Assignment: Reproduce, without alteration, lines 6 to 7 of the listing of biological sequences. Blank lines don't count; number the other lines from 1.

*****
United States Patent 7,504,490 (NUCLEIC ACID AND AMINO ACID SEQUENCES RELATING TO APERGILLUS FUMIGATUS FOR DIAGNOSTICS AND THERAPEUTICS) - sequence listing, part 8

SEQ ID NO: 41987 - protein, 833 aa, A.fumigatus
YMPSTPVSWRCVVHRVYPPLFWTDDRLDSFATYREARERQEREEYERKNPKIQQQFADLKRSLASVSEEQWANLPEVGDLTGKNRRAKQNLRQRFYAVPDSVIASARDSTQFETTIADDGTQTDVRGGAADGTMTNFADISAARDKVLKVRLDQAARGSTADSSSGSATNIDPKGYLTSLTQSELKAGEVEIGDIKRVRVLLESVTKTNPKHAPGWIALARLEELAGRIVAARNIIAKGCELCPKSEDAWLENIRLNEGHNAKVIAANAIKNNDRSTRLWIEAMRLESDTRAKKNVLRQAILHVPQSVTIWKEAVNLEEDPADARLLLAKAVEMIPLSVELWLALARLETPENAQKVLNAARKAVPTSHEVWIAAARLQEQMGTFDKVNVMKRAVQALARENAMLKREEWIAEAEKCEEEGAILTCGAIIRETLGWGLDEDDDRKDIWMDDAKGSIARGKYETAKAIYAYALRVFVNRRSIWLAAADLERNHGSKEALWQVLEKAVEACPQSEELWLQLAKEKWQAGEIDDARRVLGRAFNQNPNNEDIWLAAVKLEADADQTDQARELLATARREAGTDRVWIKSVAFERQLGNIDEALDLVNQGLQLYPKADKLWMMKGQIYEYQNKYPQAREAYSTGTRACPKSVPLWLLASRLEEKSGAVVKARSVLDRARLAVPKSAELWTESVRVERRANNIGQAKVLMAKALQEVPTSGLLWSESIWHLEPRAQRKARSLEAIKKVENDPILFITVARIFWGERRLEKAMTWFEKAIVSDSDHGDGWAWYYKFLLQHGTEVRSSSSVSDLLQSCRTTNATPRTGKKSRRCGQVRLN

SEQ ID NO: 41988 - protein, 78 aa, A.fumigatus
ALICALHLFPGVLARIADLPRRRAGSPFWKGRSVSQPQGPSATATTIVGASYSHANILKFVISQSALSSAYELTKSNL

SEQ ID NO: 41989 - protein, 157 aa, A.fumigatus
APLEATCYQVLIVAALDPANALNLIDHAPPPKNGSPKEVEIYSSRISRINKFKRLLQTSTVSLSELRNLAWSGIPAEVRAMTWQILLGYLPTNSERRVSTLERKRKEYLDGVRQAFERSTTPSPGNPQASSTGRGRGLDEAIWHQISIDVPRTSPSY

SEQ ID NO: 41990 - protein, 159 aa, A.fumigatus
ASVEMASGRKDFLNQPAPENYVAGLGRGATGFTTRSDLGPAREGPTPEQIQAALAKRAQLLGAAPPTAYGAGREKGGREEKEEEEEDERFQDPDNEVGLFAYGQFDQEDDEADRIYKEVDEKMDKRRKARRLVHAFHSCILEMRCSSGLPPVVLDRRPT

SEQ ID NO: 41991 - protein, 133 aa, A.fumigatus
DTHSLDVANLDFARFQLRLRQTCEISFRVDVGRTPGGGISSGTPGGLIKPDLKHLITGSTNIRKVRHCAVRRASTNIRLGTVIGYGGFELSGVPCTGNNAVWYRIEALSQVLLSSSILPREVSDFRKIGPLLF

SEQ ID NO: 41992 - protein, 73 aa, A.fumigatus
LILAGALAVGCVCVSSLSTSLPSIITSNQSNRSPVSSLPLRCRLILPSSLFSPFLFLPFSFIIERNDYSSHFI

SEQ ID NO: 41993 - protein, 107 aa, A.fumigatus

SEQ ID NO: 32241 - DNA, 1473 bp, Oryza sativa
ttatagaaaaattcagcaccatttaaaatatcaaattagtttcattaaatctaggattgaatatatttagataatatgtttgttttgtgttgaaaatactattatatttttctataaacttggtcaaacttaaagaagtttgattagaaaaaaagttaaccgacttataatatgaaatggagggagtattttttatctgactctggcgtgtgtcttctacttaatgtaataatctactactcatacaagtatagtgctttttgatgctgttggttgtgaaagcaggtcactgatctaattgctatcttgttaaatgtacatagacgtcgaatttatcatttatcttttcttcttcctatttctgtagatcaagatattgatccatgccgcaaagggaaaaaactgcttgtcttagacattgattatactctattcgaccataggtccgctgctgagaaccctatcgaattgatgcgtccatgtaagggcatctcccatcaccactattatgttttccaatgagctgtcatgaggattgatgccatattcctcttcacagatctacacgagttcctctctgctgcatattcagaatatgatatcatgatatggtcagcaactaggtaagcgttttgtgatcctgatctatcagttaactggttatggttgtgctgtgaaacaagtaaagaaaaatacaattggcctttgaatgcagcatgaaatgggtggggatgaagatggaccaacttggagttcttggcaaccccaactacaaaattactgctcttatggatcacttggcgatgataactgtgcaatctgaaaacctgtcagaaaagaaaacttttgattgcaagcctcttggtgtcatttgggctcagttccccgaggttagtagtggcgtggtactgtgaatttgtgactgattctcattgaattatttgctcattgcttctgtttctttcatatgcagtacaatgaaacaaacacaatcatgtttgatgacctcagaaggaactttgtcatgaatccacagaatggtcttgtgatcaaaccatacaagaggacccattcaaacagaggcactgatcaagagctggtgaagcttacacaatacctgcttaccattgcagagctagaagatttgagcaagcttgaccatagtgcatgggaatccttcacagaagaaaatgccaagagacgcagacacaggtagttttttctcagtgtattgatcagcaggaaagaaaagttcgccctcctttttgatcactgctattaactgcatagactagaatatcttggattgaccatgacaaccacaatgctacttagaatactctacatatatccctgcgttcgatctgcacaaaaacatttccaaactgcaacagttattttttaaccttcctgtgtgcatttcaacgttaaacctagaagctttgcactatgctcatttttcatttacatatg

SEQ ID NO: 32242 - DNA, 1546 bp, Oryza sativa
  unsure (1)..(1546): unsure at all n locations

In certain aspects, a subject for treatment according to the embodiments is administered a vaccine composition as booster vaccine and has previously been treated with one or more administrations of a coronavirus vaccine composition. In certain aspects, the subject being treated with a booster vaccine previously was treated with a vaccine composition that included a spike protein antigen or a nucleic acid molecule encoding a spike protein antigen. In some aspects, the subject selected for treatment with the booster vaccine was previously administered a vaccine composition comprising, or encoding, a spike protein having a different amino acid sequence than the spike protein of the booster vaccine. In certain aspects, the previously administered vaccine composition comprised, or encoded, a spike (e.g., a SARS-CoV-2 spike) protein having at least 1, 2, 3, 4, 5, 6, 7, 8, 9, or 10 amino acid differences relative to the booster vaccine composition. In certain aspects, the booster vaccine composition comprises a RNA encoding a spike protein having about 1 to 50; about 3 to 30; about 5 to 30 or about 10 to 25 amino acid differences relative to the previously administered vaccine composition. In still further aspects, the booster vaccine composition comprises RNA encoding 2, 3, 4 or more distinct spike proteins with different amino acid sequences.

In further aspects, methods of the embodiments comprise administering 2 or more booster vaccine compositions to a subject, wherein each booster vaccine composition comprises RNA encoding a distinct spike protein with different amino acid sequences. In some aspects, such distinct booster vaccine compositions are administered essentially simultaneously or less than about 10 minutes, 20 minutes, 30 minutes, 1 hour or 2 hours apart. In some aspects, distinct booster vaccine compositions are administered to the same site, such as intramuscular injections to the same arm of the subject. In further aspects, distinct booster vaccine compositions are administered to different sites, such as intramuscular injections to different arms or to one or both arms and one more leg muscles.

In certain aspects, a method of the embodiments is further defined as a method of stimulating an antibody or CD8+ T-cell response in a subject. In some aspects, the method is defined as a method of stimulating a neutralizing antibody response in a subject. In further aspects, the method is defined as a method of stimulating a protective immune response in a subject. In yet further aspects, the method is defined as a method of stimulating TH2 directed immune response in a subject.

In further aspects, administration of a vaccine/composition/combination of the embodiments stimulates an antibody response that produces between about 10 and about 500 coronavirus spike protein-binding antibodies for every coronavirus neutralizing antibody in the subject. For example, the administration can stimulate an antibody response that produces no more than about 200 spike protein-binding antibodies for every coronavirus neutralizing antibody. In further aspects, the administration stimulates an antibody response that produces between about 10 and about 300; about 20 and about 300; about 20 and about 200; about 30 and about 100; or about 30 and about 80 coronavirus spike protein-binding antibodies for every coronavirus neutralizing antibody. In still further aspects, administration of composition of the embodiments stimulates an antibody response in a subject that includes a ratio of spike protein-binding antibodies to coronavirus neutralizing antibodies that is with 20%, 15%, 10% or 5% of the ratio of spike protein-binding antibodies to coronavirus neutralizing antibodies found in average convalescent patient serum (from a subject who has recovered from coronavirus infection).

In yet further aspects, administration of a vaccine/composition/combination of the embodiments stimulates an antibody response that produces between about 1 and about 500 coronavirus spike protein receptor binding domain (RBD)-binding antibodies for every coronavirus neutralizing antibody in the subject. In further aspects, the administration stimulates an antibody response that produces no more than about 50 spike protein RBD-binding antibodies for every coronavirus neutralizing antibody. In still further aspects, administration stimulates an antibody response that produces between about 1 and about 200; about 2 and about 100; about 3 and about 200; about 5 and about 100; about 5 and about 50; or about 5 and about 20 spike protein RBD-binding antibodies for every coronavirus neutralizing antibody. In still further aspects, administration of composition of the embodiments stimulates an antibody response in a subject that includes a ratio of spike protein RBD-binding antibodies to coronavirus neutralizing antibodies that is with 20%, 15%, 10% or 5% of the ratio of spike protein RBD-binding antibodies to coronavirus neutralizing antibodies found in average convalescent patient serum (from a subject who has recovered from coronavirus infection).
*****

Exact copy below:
SEQ ID NO: 41989 - protein, 157 aa, A.fumigatus
APLEATCYQVLIVAALDPANALNLIDHAPPPKNGSPKEVEIYSSRISRINKFKRLLQTSTVSLSELRNLAWSGIPAEVRAMTWQILLGYLPTNSERRVSTLERKRKEYLDGVRQAFERSTTPSPGNPQASSTGRGRGLDEAIWHQISIDVPRTSPSY